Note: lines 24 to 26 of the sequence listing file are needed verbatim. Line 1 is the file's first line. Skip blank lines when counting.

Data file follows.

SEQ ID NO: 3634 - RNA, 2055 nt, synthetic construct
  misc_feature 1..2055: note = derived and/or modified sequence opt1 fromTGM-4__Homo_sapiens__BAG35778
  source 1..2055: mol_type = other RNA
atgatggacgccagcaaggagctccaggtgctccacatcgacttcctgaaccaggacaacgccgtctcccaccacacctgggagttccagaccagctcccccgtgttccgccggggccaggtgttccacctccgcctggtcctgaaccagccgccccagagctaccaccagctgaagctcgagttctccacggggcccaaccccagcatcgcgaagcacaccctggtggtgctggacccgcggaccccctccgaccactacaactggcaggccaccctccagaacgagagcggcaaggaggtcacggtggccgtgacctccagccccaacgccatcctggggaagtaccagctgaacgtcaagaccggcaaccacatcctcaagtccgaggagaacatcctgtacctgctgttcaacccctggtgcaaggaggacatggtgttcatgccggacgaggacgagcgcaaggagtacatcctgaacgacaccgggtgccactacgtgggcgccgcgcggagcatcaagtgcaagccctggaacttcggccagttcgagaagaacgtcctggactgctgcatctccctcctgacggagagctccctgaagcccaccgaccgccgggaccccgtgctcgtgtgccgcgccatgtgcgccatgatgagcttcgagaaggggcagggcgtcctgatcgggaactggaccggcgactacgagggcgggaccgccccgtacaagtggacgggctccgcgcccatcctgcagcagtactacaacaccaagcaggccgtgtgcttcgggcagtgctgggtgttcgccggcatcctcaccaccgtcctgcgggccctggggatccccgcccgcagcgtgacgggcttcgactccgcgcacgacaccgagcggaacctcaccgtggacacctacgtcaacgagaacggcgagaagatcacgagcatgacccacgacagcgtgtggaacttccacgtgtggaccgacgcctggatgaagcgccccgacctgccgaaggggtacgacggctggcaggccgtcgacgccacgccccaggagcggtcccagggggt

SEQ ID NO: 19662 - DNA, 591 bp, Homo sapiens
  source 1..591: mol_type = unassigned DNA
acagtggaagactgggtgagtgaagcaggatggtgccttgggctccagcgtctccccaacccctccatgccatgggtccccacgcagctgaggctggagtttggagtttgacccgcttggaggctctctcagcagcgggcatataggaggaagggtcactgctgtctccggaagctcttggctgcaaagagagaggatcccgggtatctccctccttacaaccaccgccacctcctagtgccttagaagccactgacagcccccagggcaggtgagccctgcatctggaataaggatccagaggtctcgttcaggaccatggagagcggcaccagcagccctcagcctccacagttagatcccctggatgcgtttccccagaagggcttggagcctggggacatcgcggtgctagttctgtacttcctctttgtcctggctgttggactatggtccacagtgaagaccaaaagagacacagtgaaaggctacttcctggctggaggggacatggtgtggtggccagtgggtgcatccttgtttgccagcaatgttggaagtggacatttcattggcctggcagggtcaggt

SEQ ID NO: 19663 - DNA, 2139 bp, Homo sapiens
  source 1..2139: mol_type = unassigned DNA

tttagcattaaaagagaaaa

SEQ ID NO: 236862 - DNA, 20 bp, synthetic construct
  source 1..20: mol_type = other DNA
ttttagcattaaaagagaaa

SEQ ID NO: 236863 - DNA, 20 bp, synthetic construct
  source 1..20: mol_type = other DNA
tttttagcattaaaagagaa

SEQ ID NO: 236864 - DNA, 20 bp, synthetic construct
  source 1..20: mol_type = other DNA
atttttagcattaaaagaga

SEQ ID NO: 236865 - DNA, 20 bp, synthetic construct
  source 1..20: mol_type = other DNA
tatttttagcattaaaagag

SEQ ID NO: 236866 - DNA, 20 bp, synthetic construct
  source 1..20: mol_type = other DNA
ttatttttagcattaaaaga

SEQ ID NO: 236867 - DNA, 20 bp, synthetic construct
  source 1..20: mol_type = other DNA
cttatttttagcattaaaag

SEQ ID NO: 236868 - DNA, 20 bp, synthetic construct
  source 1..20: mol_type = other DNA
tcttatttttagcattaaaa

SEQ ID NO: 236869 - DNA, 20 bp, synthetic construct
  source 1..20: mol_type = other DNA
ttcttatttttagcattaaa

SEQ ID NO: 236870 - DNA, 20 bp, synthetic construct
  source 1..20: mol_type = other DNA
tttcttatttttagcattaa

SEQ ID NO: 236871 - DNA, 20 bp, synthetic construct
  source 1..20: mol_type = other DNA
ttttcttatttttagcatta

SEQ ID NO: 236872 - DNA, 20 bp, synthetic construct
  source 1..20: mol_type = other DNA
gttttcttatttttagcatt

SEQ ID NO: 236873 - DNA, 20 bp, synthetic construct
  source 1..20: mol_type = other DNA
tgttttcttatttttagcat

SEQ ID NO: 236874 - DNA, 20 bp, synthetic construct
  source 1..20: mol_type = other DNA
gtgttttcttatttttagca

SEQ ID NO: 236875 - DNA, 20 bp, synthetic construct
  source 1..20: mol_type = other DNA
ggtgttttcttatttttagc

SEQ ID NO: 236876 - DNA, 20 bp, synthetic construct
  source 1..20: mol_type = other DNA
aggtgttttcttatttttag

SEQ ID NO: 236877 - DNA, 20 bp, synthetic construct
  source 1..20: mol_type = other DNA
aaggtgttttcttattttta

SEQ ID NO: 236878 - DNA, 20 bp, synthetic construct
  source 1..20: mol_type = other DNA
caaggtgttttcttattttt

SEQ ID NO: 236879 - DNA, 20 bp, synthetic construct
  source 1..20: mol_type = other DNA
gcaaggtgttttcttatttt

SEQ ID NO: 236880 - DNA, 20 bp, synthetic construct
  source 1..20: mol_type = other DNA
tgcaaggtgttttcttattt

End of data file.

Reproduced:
  source 1..20: mol_type = other DNA
ttatttttagcattaaaaga

SEQ ID NO: 236867 - DNA, 20 bp, synthetic construct